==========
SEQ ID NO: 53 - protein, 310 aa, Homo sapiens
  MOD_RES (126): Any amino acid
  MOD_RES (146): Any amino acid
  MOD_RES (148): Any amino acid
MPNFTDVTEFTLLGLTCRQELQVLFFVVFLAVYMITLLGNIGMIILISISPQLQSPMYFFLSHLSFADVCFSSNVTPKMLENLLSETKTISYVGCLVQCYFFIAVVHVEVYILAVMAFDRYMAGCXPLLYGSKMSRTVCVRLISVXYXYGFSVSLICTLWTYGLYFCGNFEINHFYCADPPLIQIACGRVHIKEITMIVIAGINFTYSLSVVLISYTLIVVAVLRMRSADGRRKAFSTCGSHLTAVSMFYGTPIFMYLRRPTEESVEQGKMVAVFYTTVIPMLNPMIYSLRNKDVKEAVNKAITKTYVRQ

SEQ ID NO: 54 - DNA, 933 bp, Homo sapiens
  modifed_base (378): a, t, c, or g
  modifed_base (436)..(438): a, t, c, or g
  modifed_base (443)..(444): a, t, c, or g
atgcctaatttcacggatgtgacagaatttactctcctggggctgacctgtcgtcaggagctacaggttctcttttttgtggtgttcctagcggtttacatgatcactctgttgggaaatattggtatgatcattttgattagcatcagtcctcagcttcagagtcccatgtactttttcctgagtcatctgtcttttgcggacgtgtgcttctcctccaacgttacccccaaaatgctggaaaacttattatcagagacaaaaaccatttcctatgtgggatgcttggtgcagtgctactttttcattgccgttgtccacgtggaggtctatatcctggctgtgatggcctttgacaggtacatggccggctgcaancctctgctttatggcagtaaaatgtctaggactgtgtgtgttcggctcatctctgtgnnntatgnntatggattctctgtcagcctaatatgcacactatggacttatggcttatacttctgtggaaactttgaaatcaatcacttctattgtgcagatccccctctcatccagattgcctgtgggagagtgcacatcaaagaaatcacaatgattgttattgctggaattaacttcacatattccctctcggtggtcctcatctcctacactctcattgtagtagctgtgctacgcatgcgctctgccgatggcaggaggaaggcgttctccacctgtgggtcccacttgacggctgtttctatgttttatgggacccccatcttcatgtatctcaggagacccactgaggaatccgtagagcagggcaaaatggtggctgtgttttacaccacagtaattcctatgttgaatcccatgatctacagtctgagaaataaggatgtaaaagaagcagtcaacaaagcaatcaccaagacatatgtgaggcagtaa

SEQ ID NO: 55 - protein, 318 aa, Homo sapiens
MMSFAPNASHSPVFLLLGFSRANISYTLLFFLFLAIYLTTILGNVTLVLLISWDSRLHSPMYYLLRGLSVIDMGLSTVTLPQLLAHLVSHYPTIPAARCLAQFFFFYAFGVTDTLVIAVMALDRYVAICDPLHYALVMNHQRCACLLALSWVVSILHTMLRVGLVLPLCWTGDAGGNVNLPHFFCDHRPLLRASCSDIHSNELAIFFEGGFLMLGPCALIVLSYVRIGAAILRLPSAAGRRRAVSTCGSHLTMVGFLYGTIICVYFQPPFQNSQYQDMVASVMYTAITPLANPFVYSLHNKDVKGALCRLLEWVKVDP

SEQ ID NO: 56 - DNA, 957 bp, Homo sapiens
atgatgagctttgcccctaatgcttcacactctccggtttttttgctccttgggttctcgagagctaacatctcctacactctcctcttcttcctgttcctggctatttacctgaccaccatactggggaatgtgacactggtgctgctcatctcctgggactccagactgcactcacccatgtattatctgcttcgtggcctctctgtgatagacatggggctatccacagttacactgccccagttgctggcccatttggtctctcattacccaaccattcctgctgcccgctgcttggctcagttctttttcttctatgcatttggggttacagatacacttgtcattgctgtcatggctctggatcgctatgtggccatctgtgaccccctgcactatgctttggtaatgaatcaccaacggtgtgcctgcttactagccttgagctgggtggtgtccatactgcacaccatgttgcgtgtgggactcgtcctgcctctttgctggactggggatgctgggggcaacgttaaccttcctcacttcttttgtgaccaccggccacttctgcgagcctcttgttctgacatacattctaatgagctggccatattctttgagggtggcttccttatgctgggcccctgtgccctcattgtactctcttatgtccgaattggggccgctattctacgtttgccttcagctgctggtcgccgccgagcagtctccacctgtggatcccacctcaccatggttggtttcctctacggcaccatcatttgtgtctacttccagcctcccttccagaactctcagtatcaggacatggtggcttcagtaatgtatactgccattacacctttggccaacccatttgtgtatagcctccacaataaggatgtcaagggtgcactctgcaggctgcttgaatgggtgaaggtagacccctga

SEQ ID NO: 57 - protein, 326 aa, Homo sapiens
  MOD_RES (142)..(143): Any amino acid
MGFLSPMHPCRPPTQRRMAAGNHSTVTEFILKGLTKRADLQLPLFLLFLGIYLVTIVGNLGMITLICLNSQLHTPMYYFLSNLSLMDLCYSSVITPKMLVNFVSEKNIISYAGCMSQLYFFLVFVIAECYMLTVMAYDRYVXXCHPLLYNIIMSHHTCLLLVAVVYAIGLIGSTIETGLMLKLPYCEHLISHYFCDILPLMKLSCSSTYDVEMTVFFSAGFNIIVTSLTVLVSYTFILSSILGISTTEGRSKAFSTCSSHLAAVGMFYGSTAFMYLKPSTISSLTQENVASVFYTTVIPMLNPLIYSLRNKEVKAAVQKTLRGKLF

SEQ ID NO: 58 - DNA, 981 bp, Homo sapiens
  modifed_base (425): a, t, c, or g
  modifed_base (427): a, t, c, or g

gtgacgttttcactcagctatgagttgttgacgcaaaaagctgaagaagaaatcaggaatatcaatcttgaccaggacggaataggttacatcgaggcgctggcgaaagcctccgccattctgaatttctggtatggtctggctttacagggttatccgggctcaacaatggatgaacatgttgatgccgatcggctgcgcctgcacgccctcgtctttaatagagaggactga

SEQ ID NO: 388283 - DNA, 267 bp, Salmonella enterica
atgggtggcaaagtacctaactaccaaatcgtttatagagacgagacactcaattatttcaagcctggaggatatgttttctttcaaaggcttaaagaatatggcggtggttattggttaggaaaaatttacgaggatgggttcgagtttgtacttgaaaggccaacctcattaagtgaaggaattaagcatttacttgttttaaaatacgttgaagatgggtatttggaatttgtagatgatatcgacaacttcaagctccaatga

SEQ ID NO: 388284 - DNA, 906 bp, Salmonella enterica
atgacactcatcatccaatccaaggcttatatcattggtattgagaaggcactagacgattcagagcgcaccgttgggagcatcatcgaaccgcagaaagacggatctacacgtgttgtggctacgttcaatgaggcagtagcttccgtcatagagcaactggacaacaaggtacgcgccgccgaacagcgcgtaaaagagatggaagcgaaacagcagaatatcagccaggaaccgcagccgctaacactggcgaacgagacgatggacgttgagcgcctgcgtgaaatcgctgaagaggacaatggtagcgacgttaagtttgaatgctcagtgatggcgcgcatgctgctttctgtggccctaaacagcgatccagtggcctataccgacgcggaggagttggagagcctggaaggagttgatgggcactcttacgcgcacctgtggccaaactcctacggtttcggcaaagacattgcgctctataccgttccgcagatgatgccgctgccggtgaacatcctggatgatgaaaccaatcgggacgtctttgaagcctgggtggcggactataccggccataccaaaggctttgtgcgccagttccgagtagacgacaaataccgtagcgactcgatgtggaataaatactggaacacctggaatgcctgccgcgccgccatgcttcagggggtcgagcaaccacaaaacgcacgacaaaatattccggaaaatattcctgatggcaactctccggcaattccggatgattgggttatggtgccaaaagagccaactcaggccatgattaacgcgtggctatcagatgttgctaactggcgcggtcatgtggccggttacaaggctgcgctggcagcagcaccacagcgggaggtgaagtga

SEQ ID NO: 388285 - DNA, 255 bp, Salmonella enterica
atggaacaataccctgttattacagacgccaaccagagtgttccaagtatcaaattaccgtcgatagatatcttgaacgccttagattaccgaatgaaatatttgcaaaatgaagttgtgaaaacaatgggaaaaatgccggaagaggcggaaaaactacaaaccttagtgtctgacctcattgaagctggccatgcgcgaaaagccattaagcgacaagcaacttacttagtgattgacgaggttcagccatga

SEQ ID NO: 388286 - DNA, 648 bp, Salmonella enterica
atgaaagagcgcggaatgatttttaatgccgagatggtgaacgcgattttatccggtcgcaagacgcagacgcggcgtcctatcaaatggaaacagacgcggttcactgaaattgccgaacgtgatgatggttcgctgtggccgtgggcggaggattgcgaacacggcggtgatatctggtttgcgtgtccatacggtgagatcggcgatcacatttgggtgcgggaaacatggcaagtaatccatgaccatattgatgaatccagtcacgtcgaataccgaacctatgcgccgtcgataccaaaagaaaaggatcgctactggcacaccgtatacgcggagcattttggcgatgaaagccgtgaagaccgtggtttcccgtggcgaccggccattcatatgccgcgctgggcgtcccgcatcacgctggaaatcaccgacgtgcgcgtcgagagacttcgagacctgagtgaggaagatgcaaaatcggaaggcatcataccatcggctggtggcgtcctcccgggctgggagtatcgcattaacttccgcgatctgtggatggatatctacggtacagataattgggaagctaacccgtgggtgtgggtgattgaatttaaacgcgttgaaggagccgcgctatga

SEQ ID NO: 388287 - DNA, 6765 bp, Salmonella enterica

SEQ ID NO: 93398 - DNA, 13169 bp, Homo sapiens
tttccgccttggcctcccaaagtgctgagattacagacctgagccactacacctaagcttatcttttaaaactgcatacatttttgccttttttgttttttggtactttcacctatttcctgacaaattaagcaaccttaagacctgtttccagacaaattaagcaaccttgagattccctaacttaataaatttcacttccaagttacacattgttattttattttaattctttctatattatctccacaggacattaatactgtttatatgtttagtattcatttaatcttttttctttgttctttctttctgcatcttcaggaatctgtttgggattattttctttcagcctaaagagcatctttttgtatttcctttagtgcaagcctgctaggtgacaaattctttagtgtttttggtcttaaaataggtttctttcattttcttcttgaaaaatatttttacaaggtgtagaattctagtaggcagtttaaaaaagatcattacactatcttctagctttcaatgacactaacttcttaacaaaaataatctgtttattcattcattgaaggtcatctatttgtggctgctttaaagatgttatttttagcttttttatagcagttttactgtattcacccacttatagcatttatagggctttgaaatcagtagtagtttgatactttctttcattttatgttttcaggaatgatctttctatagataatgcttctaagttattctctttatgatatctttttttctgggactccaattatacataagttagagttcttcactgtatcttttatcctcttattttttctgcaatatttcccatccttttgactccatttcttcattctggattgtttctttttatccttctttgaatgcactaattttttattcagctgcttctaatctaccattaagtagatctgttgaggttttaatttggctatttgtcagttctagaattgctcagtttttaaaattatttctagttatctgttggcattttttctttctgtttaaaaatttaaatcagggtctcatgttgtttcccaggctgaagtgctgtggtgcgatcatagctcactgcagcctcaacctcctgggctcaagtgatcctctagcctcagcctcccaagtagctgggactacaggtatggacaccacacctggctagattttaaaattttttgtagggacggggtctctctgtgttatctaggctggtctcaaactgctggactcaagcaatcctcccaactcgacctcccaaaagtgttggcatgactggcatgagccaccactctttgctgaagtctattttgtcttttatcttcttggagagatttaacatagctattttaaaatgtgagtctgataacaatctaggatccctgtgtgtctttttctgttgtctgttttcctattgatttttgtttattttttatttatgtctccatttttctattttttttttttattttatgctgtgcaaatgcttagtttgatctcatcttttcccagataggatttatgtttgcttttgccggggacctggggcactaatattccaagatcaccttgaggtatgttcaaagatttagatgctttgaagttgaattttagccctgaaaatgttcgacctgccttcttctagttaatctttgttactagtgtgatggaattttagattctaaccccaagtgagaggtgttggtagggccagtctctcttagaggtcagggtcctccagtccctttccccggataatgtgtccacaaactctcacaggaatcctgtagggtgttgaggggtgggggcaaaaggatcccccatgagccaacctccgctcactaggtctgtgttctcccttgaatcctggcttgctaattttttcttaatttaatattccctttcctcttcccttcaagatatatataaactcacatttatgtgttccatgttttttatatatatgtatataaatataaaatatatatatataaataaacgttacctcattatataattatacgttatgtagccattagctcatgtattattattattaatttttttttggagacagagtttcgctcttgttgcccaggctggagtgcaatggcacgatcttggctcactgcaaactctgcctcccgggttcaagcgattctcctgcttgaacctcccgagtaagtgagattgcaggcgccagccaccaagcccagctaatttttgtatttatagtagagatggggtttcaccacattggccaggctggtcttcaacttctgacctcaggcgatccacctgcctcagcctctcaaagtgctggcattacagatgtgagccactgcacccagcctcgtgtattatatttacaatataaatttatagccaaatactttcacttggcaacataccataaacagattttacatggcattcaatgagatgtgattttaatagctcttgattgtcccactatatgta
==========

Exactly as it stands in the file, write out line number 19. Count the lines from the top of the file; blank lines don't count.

  modifed_base (425): a, t, c, or g